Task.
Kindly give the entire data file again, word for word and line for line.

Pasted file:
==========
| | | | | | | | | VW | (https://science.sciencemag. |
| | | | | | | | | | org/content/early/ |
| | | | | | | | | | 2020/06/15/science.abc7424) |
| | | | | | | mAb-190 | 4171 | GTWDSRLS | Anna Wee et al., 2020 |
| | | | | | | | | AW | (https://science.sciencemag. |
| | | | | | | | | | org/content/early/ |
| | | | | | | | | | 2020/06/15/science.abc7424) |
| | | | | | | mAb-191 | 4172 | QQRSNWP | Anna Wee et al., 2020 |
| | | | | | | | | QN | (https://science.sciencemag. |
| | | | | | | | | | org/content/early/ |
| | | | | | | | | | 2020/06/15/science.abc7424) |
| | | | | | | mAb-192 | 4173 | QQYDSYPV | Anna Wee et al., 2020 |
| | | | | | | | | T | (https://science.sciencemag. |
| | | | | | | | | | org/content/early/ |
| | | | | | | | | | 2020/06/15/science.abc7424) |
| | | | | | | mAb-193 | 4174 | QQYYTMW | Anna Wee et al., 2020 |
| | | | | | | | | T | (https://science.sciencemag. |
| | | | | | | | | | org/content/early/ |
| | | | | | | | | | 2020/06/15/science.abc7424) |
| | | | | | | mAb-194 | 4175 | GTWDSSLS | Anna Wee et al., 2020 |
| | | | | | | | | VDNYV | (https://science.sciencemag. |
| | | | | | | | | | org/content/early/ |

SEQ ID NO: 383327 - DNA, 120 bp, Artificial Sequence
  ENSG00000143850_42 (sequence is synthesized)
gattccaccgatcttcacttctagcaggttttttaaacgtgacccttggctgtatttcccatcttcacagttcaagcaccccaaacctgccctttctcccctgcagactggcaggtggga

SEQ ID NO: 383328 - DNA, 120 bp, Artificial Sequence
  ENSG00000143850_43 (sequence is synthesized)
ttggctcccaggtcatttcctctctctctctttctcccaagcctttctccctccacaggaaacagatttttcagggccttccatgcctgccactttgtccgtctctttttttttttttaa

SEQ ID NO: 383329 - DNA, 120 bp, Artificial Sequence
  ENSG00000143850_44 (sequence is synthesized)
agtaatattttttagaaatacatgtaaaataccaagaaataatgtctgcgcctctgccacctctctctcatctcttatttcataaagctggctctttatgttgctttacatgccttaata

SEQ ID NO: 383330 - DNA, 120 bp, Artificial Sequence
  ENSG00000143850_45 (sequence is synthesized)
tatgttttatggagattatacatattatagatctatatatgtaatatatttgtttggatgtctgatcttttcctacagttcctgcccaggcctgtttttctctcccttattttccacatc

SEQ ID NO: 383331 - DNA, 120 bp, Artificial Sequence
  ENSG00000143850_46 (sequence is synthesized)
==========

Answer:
| | | | | | | | | VW | (https://science.sciencemag. |
| | | | | | | | | | org/content/early/ |
| | | | | | | | | | 2020/06/15/science.abc7424) |
| | | | | | | mAb-190 | 4171 | GTWDSRLS | Anna Wee et al., 2020 |
| | | | | | | | | AW | (https://science.sciencemag. |
| | | | | | | | | | org/content/early/ |
| | | | | | | | | | 2020/06/15/science.abc7424) |
| | | | | | | mAb-191 | 4172 | QQRSNWP | Anna Wee et al., 2020 |
| | | | | | | | | QN | (https://science.sciencemag. |
| | | | | | | | | | org/content/early/ |
| | | | | | | | | | 2020/06/15/science.abc7424) |
| | | | | | | mAb-192 | 4173 | QQYDSYPV | Anna Wee et al., 2020 |
| | | | | | | | | T | (https://science.sciencemag. |
| | | | | | | | | | org/content/early/ |
| | | | | | | | | | 2020/06/15/science.abc7424) |
| | | | | | | mAb-193 | 4174 | QQYYTMW | Anna Wee et al., 2020 |
| | | | | | | | | T | (https://science.sciencemag. |
| | | | | | | | | | org/content/early/ |
| | | | | | | | | | 2020/06/15/science.abc7424) |
| | | | | | | mAb-194 | 4175 | GTWDSSLS | Anna Wee et al., 2020 |
| | | | | | | | | VDNYV | (https://science.sciencemag. |
| | | | | | | | | | org/content/early/ |

SEQ ID NO: 383327 - DNA, 120 bp, Artificial Sequence
  ENSG00000143850_42 (sequence is synthesized)
gattccaccgatcttcacttctagcaggttttttaaacgtgacccttggctgtatttcccatcttcacagttcaagcaccccaaacctgccctttctcccctgcagactggcaggtggga

SEQ ID NO: 383328 - DNA, 120 bp, Artificial Sequence
  ENSG00000143850_43 (sequence is synthesized)
ttggctcccaggtcatttcctctctctctctttctcccaagcctttctccctccacaggaaacagatttttcagggccttccatgcctgccactttgtccgtctctttttttttttttaa

SEQ ID NO: 383329 - DNA, 120 bp, Artificial Sequence
  ENSG00000143850_44 (sequence is synthesized)
agtaatattttttagaaatacatgtaaaataccaagaaataatgtctgcgcctctgccacctctctctcatctcttatttcataaagctggctctttatgttgctttacatgccttaata

SEQ ID NO: 383330 - DNA, 120 bp, Artificial Sequence
  ENSG00000143850_45 (sequence is synthesized)
tatgttttatggagattatacatattatagatctatatatgtaatatatttgtttggatgtctgatcttttcctacagttcctgcccaggcctgtttttctctcccttattttccacatc

SEQ ID NO: 383331 - DNA, 120 bp, Artificial Sequence
  ENSG00000143850_46 (sequence is synthesized)